Somalia Affair: The whistleblower
Canadian peacemakers were lauded as heroes when they went into an untamed land ruled by rebels. Their mission, Operation Deliverance, charged them with restoring order in Somalia. But in fact, the Canadian Airborne regiment was splitting apart at the seams, lacking both leadership and accountability. Murder after murder, the troops came home disgraced. Tracks were covered and responsibility shifted up and down the chain of command during an investigation that would dismantle the army and implicate the government in a high-level cover-up.
Military reports said that Airborne soldiers were defending the base and that "everybody behaved exactly as they were supposed to." Sensing the incident would be swept under the carpet, Armstrong shared his concerns with his wife Jennifer. She took her husband's story to the press, triggering a public outcry for an inquiry. Armstrong has since become the pivotal figure in the Somalia investigation, the reluctant whistleblower who wanted to believe only the best of his colleagues.
. During the Somalia inquiry in 1997, Maj. Armstrong came under fire for his accusations of murder regarding the death of Achmed Aruush. Lt.-Col. Carol Mathieu described Armstrong as "certifiable." Others said that Armstrong had plans to sell morphine on the black market. Armstrong refuted these accusations.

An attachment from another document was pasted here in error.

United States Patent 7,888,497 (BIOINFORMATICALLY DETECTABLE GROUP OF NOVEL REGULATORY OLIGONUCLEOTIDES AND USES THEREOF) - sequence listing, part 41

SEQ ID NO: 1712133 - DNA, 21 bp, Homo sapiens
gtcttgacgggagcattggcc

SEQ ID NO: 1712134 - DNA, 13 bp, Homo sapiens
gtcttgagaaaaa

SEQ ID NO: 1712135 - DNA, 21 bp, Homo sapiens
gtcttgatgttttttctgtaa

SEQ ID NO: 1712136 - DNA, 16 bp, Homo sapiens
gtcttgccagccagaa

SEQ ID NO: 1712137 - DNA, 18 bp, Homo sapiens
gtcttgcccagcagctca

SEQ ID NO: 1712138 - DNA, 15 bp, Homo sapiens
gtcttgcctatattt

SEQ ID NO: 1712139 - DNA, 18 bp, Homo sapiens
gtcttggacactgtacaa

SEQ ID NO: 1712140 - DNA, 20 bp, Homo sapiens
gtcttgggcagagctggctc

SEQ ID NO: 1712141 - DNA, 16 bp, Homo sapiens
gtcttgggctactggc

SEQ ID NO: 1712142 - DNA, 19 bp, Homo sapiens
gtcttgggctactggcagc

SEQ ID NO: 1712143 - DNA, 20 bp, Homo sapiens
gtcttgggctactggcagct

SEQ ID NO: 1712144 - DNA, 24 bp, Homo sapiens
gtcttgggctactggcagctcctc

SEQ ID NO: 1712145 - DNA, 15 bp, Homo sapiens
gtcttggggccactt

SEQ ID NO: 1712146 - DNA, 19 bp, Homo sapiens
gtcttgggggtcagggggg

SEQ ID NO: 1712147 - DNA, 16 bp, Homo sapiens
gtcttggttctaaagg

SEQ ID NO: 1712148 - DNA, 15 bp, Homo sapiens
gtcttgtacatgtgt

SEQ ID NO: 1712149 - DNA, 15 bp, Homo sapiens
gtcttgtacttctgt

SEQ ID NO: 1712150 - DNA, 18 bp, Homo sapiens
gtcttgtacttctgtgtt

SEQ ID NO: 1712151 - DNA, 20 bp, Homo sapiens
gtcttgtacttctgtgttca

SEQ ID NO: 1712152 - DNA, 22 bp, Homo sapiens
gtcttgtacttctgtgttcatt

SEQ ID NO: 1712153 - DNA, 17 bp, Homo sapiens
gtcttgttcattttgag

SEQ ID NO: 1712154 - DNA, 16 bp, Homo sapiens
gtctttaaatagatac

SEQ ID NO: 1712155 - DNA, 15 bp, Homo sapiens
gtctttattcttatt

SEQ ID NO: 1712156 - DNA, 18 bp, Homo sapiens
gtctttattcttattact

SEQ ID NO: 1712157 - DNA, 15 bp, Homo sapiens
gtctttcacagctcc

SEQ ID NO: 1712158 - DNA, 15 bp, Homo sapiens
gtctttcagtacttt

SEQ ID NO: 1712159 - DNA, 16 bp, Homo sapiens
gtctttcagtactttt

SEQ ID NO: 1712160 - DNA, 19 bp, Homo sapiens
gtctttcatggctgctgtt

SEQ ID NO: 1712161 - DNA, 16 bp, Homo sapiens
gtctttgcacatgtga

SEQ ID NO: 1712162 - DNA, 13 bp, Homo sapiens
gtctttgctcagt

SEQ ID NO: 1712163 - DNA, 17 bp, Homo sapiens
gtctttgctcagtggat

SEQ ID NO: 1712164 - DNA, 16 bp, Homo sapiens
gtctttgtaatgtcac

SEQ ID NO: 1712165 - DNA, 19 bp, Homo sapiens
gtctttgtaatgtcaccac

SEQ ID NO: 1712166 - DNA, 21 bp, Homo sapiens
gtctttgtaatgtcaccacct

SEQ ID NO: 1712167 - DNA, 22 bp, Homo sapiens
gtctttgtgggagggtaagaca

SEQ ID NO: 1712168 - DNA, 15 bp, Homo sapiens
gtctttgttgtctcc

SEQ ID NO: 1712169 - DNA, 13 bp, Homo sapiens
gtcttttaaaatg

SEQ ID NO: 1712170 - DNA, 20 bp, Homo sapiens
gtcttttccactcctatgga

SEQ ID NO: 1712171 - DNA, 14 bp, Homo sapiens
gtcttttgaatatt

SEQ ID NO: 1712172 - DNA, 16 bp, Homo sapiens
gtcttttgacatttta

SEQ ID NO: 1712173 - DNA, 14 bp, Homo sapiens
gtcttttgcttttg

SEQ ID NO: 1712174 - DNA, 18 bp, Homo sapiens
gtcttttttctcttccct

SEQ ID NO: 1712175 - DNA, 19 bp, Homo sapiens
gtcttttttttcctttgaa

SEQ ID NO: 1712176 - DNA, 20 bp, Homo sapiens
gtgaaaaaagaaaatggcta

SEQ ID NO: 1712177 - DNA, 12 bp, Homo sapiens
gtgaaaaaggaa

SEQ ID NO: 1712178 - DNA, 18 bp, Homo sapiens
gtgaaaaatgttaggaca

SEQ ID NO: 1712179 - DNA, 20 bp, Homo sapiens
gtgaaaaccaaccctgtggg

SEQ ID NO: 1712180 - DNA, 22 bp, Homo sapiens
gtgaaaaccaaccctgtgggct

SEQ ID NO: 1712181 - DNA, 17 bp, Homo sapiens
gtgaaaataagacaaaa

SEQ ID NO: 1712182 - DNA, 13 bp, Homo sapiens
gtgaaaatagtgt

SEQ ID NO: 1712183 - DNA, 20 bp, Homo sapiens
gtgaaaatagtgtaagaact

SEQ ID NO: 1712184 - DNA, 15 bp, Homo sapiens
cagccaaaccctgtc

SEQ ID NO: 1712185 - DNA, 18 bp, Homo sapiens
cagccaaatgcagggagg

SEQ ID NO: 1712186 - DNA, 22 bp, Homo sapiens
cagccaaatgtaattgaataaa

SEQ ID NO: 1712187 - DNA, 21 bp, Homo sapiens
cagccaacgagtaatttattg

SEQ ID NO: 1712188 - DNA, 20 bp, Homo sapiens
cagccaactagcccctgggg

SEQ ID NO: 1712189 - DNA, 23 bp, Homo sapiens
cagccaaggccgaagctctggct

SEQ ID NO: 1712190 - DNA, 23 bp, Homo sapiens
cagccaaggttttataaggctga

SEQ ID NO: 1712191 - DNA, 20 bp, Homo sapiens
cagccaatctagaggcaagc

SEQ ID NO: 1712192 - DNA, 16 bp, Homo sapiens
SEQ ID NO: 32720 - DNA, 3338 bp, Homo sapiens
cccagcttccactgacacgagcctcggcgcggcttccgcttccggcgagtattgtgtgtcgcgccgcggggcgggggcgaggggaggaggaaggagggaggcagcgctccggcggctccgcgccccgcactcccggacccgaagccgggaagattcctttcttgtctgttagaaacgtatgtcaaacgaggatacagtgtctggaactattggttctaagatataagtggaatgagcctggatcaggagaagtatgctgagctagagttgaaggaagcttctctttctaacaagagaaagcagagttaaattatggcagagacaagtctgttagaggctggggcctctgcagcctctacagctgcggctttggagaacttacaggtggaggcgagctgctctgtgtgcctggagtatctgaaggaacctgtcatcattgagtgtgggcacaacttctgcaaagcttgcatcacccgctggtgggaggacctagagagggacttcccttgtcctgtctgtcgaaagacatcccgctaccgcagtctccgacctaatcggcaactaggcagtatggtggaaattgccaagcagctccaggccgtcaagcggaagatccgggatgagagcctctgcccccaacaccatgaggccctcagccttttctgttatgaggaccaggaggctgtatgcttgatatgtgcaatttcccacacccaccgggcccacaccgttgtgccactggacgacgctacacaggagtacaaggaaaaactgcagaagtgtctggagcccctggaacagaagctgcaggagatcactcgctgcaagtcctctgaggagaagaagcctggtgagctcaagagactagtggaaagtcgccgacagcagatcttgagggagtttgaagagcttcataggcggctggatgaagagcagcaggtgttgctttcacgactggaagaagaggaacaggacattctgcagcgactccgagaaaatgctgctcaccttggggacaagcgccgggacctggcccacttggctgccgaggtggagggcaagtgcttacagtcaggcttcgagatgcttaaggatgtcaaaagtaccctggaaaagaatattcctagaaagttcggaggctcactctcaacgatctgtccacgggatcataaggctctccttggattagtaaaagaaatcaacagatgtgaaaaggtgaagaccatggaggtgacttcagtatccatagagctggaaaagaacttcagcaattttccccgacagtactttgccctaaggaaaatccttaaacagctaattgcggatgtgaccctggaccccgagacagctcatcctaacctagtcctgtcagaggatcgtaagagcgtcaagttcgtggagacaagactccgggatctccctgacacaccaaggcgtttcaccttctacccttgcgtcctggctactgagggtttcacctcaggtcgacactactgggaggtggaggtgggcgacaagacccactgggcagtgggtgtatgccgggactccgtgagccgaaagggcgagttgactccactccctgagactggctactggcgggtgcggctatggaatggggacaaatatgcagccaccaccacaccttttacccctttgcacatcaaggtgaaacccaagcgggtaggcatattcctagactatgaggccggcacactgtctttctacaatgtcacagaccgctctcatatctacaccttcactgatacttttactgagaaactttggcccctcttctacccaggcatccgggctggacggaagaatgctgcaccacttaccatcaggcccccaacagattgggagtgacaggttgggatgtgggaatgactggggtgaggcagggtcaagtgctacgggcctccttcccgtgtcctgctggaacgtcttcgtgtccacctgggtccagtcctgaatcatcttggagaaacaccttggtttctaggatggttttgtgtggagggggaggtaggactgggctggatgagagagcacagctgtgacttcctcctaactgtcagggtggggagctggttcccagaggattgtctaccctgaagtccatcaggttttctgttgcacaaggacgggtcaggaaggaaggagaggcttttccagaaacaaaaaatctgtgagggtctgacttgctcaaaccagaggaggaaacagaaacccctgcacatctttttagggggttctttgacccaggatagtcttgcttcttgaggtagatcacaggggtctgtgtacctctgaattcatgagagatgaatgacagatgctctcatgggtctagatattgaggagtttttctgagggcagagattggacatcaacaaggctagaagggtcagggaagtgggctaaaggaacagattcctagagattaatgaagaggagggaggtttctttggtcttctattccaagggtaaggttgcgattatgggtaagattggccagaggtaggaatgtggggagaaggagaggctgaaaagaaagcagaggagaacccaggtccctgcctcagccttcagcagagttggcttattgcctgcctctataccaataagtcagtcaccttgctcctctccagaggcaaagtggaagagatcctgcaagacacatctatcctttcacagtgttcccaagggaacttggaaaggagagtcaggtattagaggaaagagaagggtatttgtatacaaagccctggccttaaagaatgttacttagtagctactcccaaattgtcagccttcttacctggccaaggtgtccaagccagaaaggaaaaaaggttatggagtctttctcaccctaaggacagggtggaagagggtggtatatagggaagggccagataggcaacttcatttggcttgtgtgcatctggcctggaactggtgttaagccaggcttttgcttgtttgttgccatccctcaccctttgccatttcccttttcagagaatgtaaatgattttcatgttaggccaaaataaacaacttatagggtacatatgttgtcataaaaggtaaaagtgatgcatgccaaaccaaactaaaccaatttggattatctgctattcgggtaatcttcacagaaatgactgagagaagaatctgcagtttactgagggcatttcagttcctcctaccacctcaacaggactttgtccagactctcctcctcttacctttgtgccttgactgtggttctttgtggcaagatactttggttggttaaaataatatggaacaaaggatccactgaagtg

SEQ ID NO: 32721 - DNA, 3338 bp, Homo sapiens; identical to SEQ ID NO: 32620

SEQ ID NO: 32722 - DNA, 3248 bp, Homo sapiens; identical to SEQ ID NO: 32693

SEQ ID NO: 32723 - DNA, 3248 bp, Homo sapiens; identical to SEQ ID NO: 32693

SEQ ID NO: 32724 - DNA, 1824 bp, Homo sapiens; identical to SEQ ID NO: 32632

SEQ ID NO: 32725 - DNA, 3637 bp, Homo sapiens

. This CBC Television report followed the testimony of Armstrong who defended his findings. "This man was wounded. He was in a crippled state and then was finished off with this killing blow, intentionally inflicted, to the head and neck. I trust the soldiers I'm with. I would dearly like that there could be some wonderful explanation about how these things could be achieved - these wounds could be achieved in a nice way."
. A Canadian pathologist testified before the inquiry that he believed that Aruush hadn't been shot at from close range but rather from a discernable distance.
. The Somalia inquiry also heard testimony that Aruush and Sabrie were baited with food and water.
. The Somalia Inquiry found that Aruush never posed a threat to the Canadians. Except for a ceremonial dagger which was never pulled, Aruush was defenceless. The Somalia inquiry's report, Dishonoured Legacy, stated that "the evidence leads to the conclusion that the shooting of Mr. Aruush was motivated purely by the goal of completing the mission by preventing his escape, not by the need to respond to a threat."
. Armstrong had served for 20 years in the Canadian military. Six months after he returned from Somalia, he retired. As of 1998, he was practicing as a general surgeon in Dryden, Ont.
Program: Prime Time News
Broadcast Date: May 5, 1993
Guest(s): Jennifer Armstrong, Barry Armstrong
Host: Peter Mansbridge, Pamela Wallin
Reporter: Brian Stewart
Last updated: November 8, 2012
Page consulted on November 7, 2014
All Clips from this Topic
Somalia is ravaged by civil war, perpetual battle and widespread famin...
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Maj. Barry Armstrong speaks for the first time about what he believes ...
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